Benjamin Loeb

Benjamin Loeb

Benjamin Loeb is an accomplished conductor, pianist, arranger, educator, arts administrator, and entrepreneur. As a conductor, Mr. Loeb has led orchestras across the United States and around the world. His varied projects range across all genres, from concerts of Beethoven symphonies and recordings with Yo-Yo Ma, tours with popular rock musicians, and world premieres of the most cutting-edge contemporary music. At the invitation of the U.S. Department of State, Mr. Loeb toured Argentina and Uruguay as an Artistic Ambassador, performing recitals of the music of American composer Scott Joplin and giving masterclasses and workshops with youth orchestras and young musicians. A graduate of Harvard, Juilliard, Curtis, and Peabody, Mr. Loeb brings his passion for high-level performance into the education sphere through leadership and direction of several youth orchestras and international conducting workshops.

He lives in Plano, TX, with his wife, Quyen, and three children. Mr. Loeb’s far-ranging interests do not limit him to music; he is a proud Rotary Paul Harris Fellow, and has directed plays, cooked gourmet meals for 65, tutored over 500 people in test preparation for the Princeton Review, and played and enjoyed almost every sport. Moreover (or most importantly), he is a lifetime Dallas Cowboys fan.

Beatrice Rana

Originally broadcast Friday, May 24, 2013

CLEMENTI Sonata in B Minor, op. 40, no. 2
SCHUMANN Études en forme de variations, op. 133

Beatrice’s meteoric rise since the 2013 Competition is cemented by recognition as Gramophone’s 2017 Young Artist of the Year, Edison Klassiek’s 2017 Discovery of the Year, 2016 Borletti-Buitoni Fellow, 2015 BBC New Generation Artist, and 2018 nomination for Classic BRIT Female Artist of the Year. She has released three acclaimed albums as an exclusive Warner Classics recording artist, and enjoys performing in the world’s most esteemed venues, both in solo recitals and collaborations with such orchestras as the Los Angeles and New York Philharmonics, Royal Concertgebouw Orchestra, and Chicago, Toronto, and Dallas Symphonies. Based in Rome, she is also the founder and artistic director of the Classiche Forme in her native region of Puglia, Italy.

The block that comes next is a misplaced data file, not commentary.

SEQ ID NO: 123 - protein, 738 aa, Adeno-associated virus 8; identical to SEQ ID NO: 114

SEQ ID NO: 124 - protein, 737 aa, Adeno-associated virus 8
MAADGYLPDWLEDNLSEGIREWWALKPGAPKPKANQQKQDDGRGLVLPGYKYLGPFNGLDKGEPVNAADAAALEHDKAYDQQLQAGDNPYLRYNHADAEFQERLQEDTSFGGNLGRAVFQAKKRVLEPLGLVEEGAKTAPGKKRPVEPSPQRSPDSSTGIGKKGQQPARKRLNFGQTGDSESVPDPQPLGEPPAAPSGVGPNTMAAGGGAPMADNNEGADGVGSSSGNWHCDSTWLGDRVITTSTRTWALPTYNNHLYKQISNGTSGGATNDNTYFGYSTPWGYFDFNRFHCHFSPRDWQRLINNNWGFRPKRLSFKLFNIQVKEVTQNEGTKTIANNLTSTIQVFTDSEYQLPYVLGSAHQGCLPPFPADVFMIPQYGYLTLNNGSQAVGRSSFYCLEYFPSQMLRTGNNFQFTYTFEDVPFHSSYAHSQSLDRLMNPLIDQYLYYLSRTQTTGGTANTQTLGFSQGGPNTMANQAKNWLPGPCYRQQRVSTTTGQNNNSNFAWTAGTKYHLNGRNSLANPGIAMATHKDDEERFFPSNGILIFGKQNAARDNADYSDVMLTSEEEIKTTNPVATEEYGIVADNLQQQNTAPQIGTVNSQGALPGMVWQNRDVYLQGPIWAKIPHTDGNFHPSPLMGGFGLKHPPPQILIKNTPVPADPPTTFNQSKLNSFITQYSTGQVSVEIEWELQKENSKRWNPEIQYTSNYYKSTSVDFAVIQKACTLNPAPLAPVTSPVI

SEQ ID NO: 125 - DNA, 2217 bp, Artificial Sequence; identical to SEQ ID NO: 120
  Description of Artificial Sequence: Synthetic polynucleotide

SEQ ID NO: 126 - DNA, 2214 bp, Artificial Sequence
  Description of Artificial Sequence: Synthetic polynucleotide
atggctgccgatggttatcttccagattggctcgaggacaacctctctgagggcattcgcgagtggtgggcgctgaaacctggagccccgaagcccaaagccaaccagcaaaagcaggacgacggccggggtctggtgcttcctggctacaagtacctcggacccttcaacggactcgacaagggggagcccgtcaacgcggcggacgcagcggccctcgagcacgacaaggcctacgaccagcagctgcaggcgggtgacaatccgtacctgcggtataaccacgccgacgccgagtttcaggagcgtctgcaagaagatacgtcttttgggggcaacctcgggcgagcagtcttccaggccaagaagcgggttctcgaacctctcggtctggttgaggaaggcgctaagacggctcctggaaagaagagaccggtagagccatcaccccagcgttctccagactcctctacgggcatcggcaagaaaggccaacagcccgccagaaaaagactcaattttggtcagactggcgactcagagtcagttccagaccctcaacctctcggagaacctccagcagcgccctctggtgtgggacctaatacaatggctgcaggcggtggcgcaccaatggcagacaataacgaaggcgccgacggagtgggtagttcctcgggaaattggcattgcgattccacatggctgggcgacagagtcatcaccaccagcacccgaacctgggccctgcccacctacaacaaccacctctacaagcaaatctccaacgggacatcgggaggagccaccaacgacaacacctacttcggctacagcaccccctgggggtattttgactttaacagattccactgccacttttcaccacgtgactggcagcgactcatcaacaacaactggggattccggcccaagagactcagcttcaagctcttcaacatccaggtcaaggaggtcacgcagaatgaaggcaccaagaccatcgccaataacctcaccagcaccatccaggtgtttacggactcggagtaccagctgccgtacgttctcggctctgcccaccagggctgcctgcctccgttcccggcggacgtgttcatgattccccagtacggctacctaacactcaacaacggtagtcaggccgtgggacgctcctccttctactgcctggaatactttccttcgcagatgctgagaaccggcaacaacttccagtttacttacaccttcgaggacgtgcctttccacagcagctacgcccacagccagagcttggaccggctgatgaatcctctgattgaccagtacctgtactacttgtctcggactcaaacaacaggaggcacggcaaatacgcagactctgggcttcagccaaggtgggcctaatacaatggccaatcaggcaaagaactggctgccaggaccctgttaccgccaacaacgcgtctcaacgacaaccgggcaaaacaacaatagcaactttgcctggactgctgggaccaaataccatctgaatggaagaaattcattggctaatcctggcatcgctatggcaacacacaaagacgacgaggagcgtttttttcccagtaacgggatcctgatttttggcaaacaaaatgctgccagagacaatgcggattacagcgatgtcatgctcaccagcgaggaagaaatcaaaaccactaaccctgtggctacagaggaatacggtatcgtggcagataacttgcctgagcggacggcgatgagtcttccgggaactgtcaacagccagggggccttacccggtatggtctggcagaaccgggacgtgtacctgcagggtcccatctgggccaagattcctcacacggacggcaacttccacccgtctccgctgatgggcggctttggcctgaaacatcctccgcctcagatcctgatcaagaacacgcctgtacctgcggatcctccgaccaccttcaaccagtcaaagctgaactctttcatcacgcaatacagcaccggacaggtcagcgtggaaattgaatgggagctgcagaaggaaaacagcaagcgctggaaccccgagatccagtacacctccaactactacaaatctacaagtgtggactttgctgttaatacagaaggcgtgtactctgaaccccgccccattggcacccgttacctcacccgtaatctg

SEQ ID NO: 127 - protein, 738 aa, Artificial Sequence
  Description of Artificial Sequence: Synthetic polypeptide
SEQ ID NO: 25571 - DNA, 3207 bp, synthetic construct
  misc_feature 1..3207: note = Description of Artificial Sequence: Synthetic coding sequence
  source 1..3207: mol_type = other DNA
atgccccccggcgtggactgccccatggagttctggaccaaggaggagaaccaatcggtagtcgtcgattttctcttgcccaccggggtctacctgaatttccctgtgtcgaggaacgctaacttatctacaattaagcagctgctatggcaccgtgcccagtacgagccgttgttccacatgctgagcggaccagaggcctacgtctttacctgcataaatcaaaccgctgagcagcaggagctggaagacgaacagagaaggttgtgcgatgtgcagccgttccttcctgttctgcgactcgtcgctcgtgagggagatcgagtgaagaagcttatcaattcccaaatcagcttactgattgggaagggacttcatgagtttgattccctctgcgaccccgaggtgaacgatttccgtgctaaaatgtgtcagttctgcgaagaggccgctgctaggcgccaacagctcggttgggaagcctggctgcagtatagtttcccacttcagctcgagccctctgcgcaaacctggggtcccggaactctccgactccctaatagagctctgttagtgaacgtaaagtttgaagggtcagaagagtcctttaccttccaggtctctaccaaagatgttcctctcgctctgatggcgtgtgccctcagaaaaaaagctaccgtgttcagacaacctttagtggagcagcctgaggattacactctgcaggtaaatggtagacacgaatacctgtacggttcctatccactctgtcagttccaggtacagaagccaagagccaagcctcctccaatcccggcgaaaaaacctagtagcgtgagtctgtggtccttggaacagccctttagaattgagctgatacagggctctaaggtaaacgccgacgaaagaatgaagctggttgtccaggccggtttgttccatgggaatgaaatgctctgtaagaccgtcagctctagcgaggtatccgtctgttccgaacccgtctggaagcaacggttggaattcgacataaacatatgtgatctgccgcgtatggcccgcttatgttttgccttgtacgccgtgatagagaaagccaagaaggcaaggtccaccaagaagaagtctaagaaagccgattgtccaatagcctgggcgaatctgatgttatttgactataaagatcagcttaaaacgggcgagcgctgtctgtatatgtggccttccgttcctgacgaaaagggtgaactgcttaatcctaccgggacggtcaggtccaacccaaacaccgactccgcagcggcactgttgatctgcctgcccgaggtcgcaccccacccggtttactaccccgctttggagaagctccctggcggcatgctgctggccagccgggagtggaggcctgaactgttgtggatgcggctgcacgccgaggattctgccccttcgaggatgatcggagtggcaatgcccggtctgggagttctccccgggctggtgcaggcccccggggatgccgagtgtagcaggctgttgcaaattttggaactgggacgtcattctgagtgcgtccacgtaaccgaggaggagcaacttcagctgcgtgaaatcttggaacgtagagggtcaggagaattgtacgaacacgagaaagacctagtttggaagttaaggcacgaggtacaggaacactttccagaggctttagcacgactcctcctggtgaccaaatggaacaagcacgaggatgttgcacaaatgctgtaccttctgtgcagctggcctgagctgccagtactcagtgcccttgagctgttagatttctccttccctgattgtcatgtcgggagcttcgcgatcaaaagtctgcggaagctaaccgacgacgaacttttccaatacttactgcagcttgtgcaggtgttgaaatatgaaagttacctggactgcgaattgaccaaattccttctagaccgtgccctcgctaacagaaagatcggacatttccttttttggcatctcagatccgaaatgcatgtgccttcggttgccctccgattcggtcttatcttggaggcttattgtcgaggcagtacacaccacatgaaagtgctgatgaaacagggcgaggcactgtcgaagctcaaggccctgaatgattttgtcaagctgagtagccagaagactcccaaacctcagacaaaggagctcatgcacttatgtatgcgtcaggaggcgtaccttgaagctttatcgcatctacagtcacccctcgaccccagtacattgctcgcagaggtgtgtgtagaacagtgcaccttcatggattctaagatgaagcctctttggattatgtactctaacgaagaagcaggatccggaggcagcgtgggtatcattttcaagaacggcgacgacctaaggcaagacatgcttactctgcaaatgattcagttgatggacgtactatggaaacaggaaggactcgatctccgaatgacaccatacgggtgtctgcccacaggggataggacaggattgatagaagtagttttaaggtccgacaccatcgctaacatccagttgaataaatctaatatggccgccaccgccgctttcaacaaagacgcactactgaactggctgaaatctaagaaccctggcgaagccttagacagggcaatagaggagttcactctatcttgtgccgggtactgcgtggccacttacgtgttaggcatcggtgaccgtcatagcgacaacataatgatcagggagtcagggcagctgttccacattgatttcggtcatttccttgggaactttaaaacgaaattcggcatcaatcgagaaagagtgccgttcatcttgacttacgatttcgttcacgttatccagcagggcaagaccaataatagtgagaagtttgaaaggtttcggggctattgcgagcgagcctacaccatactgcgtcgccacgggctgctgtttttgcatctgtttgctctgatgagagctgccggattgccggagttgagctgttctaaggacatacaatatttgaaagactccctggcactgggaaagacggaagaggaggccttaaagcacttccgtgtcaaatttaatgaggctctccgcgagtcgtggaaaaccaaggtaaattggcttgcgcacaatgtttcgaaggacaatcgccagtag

Bass Performance Hall

Semifinal and Final Rounds
June 2–12, 2021

Bass Performance Hall is the crown jewel of a city which boasts the nation’s third largest cultural district. It is also an important symbol of one of the most successful downtown revitalization efforts in the country.

Built entirely with private funds, Bass Performance Hall is permanent home to the Fort Worth Symphony OrchestraTexas Ballet TheaterFort Worth Opera, and the Van Cliburn International Piano Competition and Cliburn Concerts. Each resident company operates independently from Performing Arts Fort Worth and manages its own programming schedule at Bass Hall.

Performing Arts Fort Worth, the non-profit organization that oversees management of the Hall, also presents national Broadway touring product under the Broadway at the Bass banner, as well as programming that includes Broadway SpecialsPopular Entertainment and McDavid Studio Concert Series.

The 2,042-seat multipurpose Hall, designed by David M. Schwarz/Architectural Services, Inc. with acoustics by Jaffee, Holden Acoustics, Inc., is characteristic of the classic European opera house form. An 80-foot diameter Great Dome, artfully painted by Fort Worth artists Scott and Stuart Gentling, tops the Founders Concert Theater. Two 48-foot tall angels, sculpted from Texas limestone by Marton Varo, grace the Grand Facade. The angels have now become preeminent cultural icons in the North Texas area. The Hall is renowned for its superb acoustics, exceptional sight lines and ambience on level with the great halls of the world.

Bass Performance Hall is located on a full city block encompassed by Commerce, Calhoun, 4th and 5th Streets in the historic Sundance Square district of downtown Fort Worth.

Boao Zhang

Boao Zhang

China I Age 15

Boao Zhang is a multiple competition prize winner in his native China, and also took home second at the Frederic Chopin Competition for Young Pianists in Poland. He made his recital debut a year ago at the Russian Cultural Center in Beijing and followed that appearance with a concert at the Inner Mongolia University of Science and Technology last fall. Having studied with Manchun Chen at the middle school of the Central Conservatory of Music, Beijing, for three years, Boao counts classical music as his “most important hobby,” noting that he “listens to music every day, without exception.” He was fascinated by ancient cultures at an early age, visits exhibitions of Western art as often as he can, and likes to read, swim, and play table tennis.

“When I was a young child, I thought music was interesting—as if I was listening to a person tell a story about his experience. So I enjoy classical music each night before bed, just as every child likes to listen to bedtime stories.”



Preliminary Round
BACH Prelude and Fugue in C Major, BWV 870
CHOPIN Etude in A Minor, op. 10, no. 2
CHOPIN Polonaise-Fantaisie in A-flat Major, op. 61

Quarterfinal Round

BACH Toccata in E Minor, BWV 914

HAYDN Sonata in E-flat Major, Hob. XVI:52 (I)

CHOPIN Nocturne in C-sharp Minor, op, 27, no. 1